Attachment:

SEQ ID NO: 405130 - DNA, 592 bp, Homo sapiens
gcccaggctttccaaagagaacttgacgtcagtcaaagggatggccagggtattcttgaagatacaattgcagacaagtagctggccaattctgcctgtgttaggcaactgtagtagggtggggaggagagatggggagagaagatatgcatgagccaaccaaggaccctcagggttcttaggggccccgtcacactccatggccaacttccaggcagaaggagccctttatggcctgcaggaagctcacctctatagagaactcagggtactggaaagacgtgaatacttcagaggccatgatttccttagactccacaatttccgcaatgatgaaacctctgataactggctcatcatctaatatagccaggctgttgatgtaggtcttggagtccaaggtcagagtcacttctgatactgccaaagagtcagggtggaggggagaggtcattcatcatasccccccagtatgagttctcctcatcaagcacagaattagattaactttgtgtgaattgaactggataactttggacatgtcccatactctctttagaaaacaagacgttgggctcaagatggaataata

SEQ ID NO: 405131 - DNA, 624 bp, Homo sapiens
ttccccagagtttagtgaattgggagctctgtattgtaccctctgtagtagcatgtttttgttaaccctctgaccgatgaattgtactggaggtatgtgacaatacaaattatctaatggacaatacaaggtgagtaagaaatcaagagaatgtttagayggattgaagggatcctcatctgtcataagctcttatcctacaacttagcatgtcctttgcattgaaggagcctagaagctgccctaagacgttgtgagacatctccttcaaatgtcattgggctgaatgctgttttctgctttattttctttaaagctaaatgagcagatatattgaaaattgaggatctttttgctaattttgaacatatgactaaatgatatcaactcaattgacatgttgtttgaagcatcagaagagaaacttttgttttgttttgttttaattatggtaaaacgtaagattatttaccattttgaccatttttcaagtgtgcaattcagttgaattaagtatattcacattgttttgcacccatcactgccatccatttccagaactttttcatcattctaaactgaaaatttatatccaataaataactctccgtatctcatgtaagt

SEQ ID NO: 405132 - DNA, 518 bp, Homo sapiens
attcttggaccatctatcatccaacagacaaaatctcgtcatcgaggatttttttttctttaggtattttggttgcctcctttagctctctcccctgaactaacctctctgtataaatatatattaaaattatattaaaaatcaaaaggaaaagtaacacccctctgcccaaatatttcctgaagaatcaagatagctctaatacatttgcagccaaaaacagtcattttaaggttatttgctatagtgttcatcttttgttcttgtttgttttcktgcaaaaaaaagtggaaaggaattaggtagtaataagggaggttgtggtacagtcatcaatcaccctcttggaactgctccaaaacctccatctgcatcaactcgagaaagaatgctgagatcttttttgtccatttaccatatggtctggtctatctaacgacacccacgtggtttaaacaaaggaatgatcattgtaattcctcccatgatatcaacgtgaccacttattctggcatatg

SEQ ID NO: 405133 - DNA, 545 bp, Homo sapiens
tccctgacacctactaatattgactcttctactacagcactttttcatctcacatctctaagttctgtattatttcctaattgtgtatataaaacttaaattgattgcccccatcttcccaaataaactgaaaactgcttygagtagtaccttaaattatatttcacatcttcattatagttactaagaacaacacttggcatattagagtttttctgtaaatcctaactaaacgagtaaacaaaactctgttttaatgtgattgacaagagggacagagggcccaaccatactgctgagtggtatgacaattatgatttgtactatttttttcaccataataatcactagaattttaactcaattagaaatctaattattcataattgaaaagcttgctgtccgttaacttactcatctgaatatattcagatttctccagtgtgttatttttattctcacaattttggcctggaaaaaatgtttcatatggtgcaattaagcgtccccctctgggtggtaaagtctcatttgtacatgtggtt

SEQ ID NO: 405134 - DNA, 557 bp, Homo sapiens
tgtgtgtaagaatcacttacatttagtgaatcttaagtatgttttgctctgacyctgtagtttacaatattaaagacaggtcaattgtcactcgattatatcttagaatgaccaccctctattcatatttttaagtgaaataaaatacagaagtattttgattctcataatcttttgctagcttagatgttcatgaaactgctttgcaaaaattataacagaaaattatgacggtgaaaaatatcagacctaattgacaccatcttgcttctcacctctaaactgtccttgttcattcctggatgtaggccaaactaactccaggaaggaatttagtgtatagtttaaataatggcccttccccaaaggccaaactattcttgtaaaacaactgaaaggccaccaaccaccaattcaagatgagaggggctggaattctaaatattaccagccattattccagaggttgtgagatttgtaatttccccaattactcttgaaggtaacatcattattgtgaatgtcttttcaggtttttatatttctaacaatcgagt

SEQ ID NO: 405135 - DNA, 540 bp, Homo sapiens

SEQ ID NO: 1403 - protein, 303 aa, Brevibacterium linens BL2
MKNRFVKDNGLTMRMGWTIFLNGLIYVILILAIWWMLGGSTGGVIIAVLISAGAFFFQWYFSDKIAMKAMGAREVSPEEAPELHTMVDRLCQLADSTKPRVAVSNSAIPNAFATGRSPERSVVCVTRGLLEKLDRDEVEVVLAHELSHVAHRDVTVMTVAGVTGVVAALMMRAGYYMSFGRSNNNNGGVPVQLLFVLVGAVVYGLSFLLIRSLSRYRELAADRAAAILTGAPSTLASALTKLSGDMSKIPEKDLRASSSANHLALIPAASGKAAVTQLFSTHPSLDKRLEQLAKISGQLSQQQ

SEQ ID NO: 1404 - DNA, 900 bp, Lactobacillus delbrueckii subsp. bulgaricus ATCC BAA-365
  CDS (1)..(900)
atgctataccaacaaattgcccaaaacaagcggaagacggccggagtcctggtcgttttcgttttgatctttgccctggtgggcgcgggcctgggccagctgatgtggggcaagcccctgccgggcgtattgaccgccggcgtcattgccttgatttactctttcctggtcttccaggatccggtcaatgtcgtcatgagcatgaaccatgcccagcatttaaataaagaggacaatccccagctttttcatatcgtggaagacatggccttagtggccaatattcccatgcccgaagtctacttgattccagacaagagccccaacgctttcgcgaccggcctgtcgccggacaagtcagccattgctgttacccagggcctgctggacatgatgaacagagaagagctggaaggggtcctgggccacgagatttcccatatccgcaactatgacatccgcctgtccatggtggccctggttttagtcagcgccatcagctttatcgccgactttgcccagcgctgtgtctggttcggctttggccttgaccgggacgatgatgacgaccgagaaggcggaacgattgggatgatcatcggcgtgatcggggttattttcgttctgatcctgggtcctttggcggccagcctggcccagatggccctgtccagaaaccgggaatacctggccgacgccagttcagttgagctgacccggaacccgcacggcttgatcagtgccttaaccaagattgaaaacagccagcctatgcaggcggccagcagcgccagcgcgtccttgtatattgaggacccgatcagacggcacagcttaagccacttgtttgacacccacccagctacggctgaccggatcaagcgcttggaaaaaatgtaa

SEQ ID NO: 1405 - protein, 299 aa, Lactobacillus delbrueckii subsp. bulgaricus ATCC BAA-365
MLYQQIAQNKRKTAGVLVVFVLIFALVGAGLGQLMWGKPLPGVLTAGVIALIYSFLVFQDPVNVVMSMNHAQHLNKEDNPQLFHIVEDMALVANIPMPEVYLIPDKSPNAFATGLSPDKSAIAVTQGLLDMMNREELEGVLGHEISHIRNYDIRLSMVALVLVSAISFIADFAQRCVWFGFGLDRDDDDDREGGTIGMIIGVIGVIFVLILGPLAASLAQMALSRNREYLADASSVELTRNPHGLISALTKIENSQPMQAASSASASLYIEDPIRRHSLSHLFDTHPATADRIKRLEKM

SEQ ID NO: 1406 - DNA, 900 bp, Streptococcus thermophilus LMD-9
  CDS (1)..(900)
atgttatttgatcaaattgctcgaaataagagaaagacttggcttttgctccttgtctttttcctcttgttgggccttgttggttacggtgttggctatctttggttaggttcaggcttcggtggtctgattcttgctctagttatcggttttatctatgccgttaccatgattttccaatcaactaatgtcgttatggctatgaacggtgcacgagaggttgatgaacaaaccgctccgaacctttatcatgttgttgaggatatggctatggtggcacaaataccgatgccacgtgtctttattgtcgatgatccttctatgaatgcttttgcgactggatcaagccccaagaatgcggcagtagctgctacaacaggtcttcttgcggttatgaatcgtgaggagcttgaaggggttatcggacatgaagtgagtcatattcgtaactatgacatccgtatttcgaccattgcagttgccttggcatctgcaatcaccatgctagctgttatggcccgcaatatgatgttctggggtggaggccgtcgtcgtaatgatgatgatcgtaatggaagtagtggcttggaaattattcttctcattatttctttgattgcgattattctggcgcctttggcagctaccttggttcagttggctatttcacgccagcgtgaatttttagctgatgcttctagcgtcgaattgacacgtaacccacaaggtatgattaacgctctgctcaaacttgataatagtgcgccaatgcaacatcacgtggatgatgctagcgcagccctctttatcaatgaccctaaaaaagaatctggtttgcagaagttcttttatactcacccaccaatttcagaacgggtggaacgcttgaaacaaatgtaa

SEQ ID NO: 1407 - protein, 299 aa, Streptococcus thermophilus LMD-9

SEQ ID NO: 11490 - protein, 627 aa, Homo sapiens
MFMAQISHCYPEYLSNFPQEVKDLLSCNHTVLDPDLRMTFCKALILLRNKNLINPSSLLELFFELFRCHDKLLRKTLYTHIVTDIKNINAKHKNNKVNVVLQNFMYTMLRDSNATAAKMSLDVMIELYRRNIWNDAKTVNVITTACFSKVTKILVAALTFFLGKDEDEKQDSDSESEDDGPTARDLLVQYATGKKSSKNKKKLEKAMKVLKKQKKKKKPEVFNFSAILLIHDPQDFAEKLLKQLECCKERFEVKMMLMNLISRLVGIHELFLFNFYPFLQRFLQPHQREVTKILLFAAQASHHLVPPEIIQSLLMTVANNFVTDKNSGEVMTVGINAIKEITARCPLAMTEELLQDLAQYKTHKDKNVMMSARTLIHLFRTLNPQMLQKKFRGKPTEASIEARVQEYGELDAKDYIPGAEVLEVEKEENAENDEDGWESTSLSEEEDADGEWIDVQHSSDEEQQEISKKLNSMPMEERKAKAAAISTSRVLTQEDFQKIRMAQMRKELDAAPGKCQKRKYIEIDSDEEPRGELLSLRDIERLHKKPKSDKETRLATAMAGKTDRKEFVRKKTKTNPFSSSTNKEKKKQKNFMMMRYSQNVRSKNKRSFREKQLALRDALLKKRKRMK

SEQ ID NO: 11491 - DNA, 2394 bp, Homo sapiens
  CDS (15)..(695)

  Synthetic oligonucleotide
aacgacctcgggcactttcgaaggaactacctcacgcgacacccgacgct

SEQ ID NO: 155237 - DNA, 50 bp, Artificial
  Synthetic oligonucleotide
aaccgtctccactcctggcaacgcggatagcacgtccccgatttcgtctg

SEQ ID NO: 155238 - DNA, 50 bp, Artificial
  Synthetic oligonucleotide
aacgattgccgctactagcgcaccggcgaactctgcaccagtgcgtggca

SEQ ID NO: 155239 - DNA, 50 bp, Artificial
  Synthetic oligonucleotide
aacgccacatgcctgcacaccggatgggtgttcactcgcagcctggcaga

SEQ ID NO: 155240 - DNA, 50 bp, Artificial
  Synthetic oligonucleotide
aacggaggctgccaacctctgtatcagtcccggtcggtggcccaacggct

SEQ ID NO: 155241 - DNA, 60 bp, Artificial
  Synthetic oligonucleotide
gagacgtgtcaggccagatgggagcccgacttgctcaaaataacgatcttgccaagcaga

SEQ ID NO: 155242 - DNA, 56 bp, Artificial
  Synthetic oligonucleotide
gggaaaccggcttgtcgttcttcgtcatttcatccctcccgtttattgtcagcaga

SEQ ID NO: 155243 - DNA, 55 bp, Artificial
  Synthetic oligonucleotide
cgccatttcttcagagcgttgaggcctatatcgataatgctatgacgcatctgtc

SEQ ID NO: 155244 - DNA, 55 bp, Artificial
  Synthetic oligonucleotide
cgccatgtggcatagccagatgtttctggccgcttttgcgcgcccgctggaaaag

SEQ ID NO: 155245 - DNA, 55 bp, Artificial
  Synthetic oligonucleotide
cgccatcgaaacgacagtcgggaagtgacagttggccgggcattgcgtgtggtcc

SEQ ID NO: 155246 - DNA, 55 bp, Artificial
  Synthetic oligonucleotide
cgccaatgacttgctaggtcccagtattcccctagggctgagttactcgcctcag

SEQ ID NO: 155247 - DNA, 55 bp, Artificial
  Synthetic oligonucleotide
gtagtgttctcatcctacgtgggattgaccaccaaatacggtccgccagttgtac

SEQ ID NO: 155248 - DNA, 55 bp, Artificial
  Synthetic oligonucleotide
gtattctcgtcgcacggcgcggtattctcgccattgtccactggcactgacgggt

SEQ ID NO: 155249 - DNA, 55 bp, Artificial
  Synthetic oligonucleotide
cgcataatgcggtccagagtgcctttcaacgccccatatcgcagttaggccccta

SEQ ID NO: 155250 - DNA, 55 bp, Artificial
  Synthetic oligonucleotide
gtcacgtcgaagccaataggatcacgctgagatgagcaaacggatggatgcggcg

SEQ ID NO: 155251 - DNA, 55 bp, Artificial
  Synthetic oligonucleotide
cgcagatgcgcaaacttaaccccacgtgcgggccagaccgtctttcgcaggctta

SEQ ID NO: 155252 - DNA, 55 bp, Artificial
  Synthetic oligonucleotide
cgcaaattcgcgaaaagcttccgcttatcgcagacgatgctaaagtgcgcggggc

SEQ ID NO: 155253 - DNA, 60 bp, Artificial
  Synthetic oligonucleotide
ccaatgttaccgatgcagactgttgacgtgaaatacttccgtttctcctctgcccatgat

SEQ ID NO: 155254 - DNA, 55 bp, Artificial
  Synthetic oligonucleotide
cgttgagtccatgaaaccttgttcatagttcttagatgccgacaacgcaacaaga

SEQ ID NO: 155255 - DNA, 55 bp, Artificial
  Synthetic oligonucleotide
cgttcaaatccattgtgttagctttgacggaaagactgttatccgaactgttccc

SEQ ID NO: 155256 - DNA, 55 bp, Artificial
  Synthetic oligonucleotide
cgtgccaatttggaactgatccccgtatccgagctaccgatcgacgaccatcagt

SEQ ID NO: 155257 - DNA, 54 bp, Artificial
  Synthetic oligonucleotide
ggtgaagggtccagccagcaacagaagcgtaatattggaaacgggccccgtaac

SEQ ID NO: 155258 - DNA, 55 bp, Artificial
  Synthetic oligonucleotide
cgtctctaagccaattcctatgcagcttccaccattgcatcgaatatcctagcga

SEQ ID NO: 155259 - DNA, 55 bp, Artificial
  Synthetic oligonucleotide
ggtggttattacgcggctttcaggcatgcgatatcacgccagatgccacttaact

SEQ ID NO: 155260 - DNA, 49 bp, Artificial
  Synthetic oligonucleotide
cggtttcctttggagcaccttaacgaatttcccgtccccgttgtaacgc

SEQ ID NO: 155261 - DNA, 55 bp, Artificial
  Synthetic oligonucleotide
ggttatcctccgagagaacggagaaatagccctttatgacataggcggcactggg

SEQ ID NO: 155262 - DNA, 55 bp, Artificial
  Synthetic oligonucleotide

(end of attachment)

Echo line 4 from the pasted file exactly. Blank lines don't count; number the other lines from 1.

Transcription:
ttccccagagtttagtgaattgggagctctgtattgtaccctctgtagtagcatgtttttgttaaccctctgaccgatgaattgtactggaggtatgtgacaatacaaattatctaatggacaatacaaggtgagtaagaaatcaagagaatgtttagayggattgaagggatcctcatctgtcataagctcttatcctacaacttagcatgtcctttgcattgaaggagcctagaagctgccctaagacgttgtgagacatctccttcaaatgtcattgggctgaatgctgttttctgctttattttctttaaagctaaatgagcagatatattgaaaattgaggatctttttgctaattttgaacatatgactaaatgatatcaactcaattgacatgttgtttgaagcatcagaagagaaacttttgttttgttttgttttaattatggtaaaacgtaagattatttaccattttgaccatttttcaagtgtgcaattcagttgaattaagtatattcacattgttttgcacccatcactgccatccatttccagaactttttcatcattctaaactgaaaatttatatccaataaataactctccgtatctcatgtaagt